This review is spoiler free
Published on the 1st of March 2018
Sorrow’s father is shattered by grief for Mael, Sorrow’s brother who died before she was born. In his grief, Sorrow’s father, the chancellor of Rhannon, has pulled the once glorious place into darkness. The chancellor doesn’t allow for music, arts or colours, not even opened windows. Sorrow struggles to deal with her father who is desperately addicted to an awful drug and thus incapacitates himself while using it to deal with his grief. In addition to this, Sorrow has to fight against the legacy her mother left her on the day she was born while naming her, Sorrow – for that is all she brings us.
This is the story of Sorrow. And it utterly broke my heart.
State of Sorrow is an intricately beautiful story. A story full of politics that twists your stomach into painful knots.
These characters are alive. They are intelligent, breathing beings in my mind, and my soul aches for them. Sorrow is one of the most relatable characters I have met in books. She is crushed by all the things that have wronged her, but she nevertheless has the desperate desire to turn everything around. Every piece of grief, passion and hurt in State of Sorrow is human and understandable.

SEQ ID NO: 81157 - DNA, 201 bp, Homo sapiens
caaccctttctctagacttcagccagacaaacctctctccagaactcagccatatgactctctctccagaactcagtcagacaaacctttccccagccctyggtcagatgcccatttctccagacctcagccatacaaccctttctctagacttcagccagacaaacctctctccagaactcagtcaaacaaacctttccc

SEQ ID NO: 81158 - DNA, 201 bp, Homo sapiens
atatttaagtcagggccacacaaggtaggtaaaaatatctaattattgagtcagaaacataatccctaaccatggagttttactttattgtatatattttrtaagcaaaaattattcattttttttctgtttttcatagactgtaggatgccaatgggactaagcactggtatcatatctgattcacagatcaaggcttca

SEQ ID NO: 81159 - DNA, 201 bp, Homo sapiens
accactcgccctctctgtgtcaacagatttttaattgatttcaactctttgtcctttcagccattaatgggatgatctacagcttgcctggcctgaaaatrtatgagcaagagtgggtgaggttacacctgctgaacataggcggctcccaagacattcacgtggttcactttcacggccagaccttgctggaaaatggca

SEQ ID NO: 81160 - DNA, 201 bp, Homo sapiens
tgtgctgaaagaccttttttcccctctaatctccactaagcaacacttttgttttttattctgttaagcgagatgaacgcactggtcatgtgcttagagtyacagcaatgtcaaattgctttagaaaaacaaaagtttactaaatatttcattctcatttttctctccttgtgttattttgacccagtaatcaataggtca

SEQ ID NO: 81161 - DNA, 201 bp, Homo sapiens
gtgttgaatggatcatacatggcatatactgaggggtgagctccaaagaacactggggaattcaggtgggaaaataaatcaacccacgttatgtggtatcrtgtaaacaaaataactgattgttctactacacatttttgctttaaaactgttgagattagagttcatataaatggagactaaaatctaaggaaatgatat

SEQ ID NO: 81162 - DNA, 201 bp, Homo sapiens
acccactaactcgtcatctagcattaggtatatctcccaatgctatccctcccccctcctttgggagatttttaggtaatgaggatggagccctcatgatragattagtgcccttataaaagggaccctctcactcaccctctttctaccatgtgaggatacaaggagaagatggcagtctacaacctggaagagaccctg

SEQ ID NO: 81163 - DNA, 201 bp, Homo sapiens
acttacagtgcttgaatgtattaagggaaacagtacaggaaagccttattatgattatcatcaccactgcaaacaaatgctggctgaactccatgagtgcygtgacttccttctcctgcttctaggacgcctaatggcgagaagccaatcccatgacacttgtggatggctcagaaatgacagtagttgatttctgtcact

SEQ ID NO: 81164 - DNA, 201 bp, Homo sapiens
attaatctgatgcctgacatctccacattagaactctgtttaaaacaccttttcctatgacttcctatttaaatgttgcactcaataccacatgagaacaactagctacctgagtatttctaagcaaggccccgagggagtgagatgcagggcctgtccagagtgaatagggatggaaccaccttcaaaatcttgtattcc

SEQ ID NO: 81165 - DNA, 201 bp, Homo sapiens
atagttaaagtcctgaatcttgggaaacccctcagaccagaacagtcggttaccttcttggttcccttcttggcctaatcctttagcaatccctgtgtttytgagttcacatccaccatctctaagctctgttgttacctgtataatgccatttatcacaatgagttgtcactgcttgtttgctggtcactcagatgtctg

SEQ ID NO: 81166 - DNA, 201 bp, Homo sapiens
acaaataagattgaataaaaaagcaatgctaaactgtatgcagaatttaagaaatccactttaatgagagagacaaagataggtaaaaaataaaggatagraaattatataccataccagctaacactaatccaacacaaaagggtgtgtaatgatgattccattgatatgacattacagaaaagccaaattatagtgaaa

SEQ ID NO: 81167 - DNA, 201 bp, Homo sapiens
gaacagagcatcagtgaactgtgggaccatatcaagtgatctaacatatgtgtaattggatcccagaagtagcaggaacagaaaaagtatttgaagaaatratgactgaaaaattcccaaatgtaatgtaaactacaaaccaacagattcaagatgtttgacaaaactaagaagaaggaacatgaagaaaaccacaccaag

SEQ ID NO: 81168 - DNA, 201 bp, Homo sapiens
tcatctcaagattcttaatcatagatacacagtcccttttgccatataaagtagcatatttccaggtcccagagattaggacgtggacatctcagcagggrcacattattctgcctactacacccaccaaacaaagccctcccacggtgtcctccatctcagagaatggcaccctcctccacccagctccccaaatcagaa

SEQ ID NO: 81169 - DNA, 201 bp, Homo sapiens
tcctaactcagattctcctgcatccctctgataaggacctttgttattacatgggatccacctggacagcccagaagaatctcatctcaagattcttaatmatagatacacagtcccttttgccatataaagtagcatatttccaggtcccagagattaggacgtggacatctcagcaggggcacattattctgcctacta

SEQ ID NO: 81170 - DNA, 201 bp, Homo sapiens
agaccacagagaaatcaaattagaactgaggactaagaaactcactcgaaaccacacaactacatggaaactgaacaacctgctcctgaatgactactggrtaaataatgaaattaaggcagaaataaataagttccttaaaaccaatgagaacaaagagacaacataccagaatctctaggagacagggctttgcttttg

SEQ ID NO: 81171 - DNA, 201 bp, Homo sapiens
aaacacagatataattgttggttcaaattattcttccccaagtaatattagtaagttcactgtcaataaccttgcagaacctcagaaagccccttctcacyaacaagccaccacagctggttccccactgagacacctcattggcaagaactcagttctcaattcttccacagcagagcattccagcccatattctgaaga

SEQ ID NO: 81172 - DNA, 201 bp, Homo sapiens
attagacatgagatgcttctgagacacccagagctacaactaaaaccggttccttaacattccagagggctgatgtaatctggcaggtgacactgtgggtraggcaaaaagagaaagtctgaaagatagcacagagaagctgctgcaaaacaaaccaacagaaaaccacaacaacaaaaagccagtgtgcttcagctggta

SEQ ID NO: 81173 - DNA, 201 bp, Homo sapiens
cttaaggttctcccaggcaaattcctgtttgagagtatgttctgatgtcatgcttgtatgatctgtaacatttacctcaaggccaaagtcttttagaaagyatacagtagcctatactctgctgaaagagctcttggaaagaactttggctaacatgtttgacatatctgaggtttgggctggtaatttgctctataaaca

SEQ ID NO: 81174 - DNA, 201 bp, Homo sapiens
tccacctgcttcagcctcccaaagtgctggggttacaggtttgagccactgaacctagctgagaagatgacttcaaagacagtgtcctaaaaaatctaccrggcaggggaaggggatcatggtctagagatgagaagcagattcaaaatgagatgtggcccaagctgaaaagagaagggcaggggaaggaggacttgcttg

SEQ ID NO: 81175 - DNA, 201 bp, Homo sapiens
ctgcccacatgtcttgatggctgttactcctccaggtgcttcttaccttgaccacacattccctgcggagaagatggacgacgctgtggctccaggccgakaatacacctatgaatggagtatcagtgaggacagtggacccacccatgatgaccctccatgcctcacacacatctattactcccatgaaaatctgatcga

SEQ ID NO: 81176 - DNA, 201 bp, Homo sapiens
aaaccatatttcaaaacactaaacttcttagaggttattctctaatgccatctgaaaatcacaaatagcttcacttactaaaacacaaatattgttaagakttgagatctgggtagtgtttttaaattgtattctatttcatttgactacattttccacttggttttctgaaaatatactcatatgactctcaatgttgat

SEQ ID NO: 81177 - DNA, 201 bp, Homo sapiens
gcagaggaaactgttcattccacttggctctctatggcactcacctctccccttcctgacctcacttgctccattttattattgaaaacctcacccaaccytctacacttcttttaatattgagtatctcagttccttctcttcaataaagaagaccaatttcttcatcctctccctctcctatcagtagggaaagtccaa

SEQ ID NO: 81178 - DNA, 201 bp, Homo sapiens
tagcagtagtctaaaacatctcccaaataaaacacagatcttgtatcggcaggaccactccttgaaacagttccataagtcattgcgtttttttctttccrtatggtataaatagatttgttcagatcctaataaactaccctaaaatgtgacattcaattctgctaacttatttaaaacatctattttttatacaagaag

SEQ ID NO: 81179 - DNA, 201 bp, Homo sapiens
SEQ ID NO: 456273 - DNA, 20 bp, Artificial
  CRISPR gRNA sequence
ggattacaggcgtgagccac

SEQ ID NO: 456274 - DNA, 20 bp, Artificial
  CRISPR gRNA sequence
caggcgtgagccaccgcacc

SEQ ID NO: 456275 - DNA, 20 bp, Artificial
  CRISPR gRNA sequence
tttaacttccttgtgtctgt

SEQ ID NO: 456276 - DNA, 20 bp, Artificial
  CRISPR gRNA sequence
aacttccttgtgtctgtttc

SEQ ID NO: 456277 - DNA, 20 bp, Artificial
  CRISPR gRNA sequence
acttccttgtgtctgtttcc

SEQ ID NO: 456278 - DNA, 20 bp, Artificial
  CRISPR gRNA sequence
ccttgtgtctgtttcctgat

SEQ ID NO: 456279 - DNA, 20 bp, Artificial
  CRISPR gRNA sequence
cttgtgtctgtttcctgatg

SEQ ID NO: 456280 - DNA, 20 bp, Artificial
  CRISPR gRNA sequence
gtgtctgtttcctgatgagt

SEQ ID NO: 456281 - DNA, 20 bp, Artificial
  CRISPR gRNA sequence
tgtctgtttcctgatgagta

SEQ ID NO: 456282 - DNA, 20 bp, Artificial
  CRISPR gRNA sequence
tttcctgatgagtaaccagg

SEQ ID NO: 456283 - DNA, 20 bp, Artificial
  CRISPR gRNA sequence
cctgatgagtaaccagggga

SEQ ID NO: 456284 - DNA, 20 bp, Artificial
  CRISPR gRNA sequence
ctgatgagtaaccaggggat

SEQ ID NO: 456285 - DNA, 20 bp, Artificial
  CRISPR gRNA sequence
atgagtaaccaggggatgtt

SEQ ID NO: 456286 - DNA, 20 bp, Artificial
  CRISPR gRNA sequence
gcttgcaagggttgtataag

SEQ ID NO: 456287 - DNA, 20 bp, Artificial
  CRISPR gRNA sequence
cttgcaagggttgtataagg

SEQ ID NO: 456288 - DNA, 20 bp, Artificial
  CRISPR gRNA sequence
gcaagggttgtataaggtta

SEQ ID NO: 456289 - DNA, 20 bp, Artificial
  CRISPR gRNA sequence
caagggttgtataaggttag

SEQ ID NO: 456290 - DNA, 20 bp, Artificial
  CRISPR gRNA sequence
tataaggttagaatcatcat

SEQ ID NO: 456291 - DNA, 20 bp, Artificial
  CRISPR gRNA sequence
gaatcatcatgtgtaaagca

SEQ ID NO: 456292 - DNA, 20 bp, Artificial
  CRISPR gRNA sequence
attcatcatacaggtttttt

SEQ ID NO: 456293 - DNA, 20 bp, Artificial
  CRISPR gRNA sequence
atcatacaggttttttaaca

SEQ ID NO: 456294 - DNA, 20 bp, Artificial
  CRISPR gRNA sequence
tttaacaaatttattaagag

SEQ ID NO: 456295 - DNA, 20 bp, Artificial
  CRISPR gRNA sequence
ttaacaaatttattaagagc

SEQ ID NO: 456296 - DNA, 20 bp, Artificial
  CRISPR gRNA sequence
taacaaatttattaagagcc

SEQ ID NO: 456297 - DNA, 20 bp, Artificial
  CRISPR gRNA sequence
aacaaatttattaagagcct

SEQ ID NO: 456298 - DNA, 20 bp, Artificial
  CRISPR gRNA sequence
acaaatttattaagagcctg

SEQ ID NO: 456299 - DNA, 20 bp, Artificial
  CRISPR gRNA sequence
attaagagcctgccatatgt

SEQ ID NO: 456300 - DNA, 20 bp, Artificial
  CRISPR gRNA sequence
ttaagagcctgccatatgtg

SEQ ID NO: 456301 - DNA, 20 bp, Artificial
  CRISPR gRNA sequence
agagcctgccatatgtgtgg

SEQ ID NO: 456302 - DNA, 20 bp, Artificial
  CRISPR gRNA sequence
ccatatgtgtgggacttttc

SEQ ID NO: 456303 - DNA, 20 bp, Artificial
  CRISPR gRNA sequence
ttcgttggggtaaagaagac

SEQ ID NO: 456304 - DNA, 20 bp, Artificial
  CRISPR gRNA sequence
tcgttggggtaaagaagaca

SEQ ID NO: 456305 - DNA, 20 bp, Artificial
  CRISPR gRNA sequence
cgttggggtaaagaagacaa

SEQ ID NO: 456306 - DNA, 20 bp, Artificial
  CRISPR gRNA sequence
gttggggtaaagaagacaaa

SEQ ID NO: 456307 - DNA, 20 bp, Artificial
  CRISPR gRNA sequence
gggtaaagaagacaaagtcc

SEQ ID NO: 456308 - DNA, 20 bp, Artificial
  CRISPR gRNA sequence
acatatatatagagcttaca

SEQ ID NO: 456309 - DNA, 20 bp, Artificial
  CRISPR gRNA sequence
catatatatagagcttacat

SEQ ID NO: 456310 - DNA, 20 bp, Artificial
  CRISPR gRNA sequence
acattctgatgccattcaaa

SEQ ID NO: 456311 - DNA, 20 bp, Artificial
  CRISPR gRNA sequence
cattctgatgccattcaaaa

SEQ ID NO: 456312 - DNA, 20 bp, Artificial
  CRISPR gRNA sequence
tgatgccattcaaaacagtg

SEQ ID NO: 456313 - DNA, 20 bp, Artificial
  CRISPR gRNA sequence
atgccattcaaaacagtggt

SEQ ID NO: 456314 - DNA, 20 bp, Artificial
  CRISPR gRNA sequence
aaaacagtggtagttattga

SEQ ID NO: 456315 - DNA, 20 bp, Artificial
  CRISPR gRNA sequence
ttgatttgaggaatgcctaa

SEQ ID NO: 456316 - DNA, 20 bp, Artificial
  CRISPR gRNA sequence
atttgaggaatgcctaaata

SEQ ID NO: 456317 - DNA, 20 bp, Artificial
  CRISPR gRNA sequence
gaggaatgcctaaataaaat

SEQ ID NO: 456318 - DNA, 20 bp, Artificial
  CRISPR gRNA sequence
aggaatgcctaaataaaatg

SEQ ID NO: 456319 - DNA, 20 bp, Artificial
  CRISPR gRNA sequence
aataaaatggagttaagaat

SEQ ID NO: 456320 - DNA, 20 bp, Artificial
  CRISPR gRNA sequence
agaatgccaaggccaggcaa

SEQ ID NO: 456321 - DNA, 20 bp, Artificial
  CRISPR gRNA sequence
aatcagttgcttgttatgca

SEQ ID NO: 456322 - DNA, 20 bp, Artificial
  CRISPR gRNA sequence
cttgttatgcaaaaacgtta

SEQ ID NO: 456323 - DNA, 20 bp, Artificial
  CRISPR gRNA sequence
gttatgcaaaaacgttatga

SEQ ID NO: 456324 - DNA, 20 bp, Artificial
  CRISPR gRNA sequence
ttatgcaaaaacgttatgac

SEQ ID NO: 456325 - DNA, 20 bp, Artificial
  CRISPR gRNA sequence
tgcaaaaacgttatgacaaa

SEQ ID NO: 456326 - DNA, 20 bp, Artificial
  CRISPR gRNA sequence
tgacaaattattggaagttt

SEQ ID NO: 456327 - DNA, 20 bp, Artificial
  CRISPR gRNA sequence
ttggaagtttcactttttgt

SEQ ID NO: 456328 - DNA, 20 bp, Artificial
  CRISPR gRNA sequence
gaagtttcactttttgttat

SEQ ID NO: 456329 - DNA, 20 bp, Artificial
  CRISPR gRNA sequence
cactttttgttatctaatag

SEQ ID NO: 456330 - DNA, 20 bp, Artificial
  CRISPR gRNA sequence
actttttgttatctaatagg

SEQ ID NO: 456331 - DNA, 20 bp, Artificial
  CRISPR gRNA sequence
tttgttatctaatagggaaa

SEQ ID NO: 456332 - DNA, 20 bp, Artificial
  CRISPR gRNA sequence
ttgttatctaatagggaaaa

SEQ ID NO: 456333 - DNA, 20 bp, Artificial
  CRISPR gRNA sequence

At its core, State of Sorrow is heavily political. I like political fantasy, but more often than not books in this genre annoy or confuse me. The political landscape is either too complex and thrown at the reader all at once, or the solution for the political issue is so simple that the reader realises it from the beginning but for some reason the characters ignore it and make bad decisions. To me, State of Sorrow was like a whole new planet of political fantasy. The world is built gradually and the issues are realistic. Everytime I came up with a solution while reading the characters would come up with the same idea right away and act on it.
One of my favourite things about this novel is that it flows. The events and scenes occur naturally, which makes the book so easy to read. I devoured most of State of Sorrow during a 24 hour readathon and I never got bored or confused. Instead, I laughed, smiled and gasped in horror. While working, I was constantly itching to get the book, build a blanket fort and disappear in there with some hot chocolate until I’m finished reading and left with a massive book hangover. In the end no forts were built but I definitely got the book hangover.
Above is my book aesthetic, aka how I felt while reading State of Sorrow in images. One big aspect in the book is an old humpback bridge which strongly reminded me of old pack horse bridge in Carrbridge, the Scottish Highlands, that I have visited quite a few times (that’s the bridge in the aesthetic!).
Have you read State of Sorrow? What did you think? If not, are you planning to? Can you recommend any similar books? Chat me in the comments!
Thank you so much for reading!